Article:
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About Nudity

“Nudity - it isn’t just for sex anymore.”

If you think you’re going to an orgy, then you’re going to be very very disappointed.

We’re using nudity as a way to draw attention to cycling, and the folly of oil dependency. We hope motorists will begin to suspect cyclists have more fun, and hence maybe they don’t need their cars as much as they thought. See the http://www.worldnakedbikeride.org/ web site for more socio-political propaganda.

It’s also good, goofy fun.

There are rules at the starting/ending location. The organizers’ mantra is “Safe, Comfortable, and Fun”, so anybody at the starting/ending location who makes other participants feel unsafe or unconfortable will be asked to leave. The use of cameras is not allowed at the starting/ending location, with the exception of sactioned film crews who’ll be following strict rules.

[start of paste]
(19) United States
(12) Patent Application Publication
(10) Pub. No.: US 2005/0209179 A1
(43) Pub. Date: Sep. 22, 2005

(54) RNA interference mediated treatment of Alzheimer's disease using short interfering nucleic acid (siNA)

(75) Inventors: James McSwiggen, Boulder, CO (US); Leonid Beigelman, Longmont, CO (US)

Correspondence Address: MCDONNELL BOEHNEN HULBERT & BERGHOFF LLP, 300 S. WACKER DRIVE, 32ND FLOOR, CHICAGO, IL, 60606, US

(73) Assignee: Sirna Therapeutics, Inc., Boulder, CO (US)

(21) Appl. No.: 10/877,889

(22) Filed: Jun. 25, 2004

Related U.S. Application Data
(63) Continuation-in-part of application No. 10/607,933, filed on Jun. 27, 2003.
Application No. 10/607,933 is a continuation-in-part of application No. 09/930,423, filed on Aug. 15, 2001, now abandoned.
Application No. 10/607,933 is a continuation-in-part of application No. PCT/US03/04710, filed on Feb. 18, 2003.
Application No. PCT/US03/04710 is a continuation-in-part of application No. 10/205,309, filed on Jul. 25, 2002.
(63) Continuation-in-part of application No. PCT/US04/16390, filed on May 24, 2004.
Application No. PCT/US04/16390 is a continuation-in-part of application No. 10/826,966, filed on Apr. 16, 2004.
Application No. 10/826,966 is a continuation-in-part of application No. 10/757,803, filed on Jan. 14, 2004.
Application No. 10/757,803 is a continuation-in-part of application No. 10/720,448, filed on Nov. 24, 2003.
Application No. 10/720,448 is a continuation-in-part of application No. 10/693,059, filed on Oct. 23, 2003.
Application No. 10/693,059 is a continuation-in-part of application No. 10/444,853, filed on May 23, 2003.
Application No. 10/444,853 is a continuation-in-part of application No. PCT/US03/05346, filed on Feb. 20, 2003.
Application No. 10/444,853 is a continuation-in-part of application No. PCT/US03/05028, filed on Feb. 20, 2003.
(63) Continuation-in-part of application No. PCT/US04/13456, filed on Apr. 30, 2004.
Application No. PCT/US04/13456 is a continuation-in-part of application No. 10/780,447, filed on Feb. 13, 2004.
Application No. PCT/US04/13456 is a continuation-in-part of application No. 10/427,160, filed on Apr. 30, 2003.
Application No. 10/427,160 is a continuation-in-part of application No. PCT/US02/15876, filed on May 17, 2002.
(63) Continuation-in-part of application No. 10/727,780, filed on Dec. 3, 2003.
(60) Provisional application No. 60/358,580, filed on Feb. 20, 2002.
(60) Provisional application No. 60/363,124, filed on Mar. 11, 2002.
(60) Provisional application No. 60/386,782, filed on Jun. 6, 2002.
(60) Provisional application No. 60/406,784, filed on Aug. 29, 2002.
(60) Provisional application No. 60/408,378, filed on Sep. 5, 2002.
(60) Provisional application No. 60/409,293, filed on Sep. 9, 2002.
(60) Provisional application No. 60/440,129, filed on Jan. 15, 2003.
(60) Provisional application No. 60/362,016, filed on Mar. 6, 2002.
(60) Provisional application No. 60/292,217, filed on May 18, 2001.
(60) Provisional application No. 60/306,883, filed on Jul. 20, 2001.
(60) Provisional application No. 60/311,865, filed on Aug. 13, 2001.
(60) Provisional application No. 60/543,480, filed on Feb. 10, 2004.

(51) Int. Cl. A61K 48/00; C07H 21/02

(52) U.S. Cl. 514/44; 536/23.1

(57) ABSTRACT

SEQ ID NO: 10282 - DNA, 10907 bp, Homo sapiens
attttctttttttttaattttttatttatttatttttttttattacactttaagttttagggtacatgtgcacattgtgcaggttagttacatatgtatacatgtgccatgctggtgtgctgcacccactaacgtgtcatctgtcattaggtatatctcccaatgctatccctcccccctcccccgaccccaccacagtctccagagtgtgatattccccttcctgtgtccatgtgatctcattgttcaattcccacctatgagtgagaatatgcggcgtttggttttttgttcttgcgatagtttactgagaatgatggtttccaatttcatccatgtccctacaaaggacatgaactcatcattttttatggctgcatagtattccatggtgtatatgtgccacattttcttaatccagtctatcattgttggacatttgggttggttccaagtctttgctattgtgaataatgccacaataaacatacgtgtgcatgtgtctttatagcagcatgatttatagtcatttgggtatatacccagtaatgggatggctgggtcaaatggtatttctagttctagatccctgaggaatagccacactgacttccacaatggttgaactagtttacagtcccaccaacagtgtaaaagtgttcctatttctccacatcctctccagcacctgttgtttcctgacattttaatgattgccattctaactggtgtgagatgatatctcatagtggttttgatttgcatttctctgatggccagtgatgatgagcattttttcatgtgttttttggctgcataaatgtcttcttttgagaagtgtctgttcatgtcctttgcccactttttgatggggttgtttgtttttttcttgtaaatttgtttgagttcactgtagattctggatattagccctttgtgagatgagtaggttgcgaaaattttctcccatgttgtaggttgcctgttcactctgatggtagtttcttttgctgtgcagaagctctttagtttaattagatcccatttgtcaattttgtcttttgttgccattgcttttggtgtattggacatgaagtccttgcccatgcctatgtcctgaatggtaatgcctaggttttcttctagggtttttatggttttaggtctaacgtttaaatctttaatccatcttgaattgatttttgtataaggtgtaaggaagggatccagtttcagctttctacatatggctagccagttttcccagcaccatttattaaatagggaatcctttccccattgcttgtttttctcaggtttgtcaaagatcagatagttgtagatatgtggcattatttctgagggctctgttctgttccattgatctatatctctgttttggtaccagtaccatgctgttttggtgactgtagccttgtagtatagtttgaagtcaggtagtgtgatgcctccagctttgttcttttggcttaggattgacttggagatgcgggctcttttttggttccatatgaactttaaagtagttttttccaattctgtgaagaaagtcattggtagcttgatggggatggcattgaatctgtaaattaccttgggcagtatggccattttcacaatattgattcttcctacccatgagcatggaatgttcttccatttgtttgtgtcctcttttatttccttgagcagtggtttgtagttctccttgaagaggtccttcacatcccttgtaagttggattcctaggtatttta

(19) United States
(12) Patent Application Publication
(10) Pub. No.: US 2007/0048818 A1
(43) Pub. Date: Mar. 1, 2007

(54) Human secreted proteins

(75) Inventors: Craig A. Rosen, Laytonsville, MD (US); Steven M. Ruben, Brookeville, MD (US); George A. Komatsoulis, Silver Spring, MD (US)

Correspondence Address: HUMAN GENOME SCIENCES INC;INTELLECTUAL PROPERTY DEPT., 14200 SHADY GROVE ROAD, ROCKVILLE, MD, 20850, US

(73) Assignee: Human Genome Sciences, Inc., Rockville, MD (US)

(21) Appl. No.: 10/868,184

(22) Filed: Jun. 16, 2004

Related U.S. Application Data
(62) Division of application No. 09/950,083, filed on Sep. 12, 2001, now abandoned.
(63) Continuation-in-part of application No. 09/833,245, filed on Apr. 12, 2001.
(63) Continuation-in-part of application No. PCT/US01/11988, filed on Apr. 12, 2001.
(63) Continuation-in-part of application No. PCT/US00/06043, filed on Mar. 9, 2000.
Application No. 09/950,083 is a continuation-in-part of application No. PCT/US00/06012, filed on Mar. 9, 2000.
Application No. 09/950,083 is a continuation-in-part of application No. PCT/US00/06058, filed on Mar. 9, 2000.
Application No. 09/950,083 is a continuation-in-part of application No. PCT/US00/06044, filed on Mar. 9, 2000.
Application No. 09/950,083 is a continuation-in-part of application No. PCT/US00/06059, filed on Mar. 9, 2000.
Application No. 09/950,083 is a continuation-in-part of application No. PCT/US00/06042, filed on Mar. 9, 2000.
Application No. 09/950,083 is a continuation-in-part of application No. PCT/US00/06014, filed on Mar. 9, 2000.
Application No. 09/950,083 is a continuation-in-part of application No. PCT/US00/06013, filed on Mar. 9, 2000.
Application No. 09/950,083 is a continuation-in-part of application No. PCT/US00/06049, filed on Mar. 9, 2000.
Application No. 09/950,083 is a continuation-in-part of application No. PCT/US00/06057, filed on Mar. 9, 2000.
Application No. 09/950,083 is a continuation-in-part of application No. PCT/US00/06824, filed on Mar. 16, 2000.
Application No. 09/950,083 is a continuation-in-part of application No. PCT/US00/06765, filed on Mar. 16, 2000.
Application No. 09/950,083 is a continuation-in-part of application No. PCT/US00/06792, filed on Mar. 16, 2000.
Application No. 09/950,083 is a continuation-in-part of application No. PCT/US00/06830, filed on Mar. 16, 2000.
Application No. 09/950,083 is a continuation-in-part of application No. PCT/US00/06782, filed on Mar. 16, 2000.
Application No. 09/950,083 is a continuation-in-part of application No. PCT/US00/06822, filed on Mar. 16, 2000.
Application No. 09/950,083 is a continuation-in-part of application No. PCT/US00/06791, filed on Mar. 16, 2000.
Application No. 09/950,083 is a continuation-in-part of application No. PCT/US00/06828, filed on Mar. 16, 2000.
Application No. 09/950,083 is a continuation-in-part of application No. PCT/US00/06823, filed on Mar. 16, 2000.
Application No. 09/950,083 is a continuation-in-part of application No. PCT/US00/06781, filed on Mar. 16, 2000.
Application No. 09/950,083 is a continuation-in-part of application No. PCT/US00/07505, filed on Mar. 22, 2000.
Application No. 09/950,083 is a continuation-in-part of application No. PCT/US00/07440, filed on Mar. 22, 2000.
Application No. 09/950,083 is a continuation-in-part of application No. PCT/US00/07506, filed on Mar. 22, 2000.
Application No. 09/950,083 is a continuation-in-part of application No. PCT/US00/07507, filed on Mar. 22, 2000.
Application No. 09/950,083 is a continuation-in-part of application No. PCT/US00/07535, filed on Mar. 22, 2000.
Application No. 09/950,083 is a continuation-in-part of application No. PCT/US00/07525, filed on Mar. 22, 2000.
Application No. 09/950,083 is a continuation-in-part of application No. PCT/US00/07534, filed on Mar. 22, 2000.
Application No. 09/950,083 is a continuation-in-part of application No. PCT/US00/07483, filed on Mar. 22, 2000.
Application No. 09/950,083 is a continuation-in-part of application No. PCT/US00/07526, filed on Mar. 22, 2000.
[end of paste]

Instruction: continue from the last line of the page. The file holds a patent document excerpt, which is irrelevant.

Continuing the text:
The ride itself has no rules since it takes place on public streets, outside of our control. That’s why it’s important for riders to take care of each other.

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About Your Bike

Ride the bike you have. Don’t obsess over the hardware; any bike will work.

If you have multiple bikes (and aren’t loaning out the extras to friends) then I’d recommend a fat-tire mountain bike or cruiser over a superskinny-tire road bike. This is because fat tires are less likely to get a flat, or slip on railroad tracks or a steel grate bridge. But really any bike will probably work just fine.

You should bring a spare tube. If your bike doesn’t have quick-release skewers, then you should also bring wrenches that fit your bike’s lug nuts. If convenient, you should also bring a pump and tire levers, though you could probably borrow those from another rider in an emergency.